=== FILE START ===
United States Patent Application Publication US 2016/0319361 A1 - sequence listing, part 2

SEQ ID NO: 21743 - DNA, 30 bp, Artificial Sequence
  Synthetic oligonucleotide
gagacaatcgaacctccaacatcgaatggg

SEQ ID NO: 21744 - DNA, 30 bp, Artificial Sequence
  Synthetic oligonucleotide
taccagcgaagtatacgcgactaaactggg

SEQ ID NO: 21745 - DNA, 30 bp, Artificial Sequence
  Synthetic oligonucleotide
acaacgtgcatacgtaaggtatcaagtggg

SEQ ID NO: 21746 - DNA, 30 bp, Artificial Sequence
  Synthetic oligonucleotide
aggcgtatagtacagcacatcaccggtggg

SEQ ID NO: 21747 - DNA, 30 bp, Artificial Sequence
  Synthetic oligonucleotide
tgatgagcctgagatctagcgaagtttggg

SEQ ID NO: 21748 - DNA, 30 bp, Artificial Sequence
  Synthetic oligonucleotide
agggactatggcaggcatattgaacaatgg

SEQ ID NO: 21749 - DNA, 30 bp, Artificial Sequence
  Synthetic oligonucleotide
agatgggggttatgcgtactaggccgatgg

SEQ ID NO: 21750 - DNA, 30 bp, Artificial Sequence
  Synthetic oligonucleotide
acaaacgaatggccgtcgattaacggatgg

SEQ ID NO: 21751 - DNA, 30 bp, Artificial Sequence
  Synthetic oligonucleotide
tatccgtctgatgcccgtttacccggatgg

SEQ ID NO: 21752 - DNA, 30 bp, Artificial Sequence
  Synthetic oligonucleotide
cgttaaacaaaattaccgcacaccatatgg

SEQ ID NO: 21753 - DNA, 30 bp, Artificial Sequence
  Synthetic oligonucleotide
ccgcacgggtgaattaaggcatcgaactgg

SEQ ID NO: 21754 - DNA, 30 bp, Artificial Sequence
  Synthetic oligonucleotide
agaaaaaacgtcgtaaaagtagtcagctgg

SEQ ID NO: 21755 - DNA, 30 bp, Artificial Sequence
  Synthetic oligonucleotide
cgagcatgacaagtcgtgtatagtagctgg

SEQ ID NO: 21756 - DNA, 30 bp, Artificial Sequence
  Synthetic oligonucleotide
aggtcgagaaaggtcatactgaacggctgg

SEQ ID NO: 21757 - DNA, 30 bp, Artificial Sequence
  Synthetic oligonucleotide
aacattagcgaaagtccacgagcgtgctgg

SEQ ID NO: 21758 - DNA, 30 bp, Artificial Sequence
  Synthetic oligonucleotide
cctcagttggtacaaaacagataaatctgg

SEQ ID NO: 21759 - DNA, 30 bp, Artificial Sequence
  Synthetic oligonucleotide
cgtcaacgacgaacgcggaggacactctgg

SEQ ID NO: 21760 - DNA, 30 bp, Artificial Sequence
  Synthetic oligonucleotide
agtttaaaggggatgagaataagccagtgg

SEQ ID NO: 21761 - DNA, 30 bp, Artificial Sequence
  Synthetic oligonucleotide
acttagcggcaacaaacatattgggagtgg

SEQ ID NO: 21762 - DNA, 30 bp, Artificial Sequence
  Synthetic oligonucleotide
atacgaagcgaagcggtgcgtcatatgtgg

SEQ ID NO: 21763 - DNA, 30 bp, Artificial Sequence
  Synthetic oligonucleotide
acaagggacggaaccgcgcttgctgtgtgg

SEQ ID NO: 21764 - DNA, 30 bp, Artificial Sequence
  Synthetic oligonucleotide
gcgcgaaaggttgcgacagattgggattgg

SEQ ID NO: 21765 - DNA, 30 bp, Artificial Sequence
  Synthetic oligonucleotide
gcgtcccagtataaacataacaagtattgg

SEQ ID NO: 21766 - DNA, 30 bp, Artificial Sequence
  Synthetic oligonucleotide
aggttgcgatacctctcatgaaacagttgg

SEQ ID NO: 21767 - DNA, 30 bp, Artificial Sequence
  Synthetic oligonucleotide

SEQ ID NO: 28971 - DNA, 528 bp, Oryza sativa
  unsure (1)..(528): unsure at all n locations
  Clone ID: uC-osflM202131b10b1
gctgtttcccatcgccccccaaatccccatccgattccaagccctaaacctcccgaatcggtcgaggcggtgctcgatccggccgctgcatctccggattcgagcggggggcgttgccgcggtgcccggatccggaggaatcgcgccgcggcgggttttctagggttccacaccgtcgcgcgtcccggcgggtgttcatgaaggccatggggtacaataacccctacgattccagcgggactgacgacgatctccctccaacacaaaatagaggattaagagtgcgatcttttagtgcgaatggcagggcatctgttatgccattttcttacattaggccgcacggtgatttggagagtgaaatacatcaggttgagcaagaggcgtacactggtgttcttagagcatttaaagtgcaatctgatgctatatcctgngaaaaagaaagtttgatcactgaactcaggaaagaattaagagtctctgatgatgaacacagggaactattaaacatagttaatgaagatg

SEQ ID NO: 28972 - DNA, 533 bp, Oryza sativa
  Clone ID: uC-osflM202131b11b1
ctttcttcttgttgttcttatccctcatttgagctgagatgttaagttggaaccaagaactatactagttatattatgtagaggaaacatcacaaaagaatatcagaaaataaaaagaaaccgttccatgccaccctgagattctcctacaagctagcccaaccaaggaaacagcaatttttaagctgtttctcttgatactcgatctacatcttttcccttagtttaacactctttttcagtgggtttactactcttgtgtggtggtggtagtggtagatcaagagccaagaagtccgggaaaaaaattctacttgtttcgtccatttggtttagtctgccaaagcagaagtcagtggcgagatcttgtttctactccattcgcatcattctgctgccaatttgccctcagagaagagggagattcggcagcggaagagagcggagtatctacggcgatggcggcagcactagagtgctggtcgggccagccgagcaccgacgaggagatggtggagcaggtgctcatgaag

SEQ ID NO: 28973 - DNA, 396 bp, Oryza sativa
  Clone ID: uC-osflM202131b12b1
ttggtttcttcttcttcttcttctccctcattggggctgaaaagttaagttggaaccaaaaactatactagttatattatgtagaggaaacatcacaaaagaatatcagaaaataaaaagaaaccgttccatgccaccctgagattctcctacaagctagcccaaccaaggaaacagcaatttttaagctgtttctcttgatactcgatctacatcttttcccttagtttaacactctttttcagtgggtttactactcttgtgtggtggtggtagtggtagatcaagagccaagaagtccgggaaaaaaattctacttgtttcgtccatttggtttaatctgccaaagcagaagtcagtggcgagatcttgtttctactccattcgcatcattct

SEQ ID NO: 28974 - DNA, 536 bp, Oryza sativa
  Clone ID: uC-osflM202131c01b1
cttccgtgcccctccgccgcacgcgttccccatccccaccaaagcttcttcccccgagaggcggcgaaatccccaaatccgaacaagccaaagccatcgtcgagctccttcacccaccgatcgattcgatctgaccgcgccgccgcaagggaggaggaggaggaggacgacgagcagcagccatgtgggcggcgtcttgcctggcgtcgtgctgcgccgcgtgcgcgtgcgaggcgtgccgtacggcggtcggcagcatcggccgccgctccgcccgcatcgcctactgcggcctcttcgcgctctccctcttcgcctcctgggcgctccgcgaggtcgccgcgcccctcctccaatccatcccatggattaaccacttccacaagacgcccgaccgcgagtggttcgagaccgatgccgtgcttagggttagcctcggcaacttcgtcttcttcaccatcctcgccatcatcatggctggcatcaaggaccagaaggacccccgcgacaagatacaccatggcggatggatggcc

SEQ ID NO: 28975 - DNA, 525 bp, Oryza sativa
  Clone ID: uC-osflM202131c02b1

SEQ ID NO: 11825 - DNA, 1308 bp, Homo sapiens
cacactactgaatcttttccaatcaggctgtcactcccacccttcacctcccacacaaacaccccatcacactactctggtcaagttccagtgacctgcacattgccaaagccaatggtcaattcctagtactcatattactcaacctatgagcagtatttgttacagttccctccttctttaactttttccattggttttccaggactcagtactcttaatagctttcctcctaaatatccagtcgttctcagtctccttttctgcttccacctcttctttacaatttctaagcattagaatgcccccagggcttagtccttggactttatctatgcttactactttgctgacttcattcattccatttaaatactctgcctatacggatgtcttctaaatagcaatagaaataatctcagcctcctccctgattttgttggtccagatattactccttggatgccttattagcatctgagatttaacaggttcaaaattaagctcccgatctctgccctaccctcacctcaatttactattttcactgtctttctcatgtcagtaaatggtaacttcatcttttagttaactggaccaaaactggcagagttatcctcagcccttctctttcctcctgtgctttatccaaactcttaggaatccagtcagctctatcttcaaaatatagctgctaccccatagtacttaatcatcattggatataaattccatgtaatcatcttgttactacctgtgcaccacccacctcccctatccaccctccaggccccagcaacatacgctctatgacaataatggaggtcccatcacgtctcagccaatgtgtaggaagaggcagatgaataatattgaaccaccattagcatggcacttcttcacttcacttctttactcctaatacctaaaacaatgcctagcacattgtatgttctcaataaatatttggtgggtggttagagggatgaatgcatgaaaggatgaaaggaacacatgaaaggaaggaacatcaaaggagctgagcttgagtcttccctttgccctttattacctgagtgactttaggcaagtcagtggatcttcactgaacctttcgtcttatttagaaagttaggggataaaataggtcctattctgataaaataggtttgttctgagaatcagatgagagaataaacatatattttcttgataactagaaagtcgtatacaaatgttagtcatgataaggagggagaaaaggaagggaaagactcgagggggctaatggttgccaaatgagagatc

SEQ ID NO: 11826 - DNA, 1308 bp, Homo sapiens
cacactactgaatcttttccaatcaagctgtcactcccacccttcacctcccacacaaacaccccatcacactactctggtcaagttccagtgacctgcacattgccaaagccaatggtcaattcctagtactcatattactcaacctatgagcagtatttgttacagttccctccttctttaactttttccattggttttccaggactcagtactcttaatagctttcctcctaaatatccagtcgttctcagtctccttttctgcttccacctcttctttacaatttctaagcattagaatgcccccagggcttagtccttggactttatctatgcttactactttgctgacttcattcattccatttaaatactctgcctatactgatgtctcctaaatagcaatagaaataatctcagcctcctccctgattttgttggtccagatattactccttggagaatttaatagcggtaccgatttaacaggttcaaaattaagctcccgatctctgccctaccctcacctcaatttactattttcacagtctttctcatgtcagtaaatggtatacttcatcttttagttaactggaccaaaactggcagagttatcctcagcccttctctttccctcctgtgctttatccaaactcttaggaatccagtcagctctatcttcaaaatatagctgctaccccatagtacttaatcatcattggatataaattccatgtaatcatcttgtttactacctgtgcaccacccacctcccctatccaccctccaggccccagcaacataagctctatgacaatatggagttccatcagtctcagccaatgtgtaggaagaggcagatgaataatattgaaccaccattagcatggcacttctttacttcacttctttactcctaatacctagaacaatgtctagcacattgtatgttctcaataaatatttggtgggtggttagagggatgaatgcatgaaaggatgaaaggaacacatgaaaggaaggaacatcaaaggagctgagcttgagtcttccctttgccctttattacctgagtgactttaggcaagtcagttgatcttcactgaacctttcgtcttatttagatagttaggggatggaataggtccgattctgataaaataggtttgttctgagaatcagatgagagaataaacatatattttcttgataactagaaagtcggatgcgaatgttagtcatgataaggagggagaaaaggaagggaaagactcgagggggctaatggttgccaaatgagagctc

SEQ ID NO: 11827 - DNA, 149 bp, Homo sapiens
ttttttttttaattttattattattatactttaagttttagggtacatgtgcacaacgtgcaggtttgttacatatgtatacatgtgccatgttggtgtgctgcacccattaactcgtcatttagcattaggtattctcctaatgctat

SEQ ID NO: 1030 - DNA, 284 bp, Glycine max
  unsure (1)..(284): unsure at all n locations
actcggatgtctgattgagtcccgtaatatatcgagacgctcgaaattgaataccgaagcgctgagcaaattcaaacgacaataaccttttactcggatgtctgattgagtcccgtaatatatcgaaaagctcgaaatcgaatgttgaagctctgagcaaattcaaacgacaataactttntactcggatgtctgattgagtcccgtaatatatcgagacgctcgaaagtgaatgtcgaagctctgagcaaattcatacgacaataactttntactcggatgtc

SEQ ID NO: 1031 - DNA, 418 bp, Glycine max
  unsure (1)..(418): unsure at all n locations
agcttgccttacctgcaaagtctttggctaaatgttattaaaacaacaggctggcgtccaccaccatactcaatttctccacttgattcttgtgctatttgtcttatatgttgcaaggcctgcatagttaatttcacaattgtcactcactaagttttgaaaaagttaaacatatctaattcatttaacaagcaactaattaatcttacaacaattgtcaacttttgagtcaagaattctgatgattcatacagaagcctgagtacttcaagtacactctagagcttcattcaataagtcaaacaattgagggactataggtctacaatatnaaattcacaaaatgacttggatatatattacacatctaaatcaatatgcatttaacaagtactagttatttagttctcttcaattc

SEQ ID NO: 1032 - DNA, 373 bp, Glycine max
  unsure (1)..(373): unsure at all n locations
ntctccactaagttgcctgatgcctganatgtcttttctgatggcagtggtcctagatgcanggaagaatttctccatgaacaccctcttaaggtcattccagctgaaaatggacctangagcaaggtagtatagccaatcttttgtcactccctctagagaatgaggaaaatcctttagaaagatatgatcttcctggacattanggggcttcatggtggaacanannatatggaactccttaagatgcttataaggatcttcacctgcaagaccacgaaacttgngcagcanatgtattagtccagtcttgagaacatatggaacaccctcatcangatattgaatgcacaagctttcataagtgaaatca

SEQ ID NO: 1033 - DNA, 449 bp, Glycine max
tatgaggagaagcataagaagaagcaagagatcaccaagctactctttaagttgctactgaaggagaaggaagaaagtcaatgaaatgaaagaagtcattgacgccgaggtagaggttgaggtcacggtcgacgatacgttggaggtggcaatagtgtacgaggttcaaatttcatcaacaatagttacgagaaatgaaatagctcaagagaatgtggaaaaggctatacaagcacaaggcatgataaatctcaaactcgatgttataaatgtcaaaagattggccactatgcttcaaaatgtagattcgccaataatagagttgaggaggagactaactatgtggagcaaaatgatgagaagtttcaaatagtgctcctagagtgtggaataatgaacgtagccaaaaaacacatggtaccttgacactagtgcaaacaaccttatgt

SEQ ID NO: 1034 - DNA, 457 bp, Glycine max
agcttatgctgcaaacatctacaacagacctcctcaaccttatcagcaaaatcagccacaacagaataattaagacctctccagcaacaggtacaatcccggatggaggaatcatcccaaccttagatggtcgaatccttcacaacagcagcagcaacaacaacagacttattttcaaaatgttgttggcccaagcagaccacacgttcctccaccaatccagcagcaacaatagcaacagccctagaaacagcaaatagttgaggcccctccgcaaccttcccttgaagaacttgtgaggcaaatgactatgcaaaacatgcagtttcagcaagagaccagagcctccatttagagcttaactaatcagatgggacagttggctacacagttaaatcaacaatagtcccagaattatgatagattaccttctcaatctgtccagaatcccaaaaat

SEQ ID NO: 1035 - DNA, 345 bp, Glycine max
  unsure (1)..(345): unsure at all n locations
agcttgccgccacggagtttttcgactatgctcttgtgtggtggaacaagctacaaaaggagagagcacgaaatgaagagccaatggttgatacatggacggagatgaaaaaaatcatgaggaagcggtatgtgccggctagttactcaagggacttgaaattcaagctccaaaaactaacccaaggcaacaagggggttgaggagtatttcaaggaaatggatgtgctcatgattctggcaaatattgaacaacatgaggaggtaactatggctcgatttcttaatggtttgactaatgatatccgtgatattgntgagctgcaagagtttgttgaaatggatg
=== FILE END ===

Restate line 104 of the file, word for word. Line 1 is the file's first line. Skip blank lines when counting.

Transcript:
  unsure (1)..(373): unsure at all n locations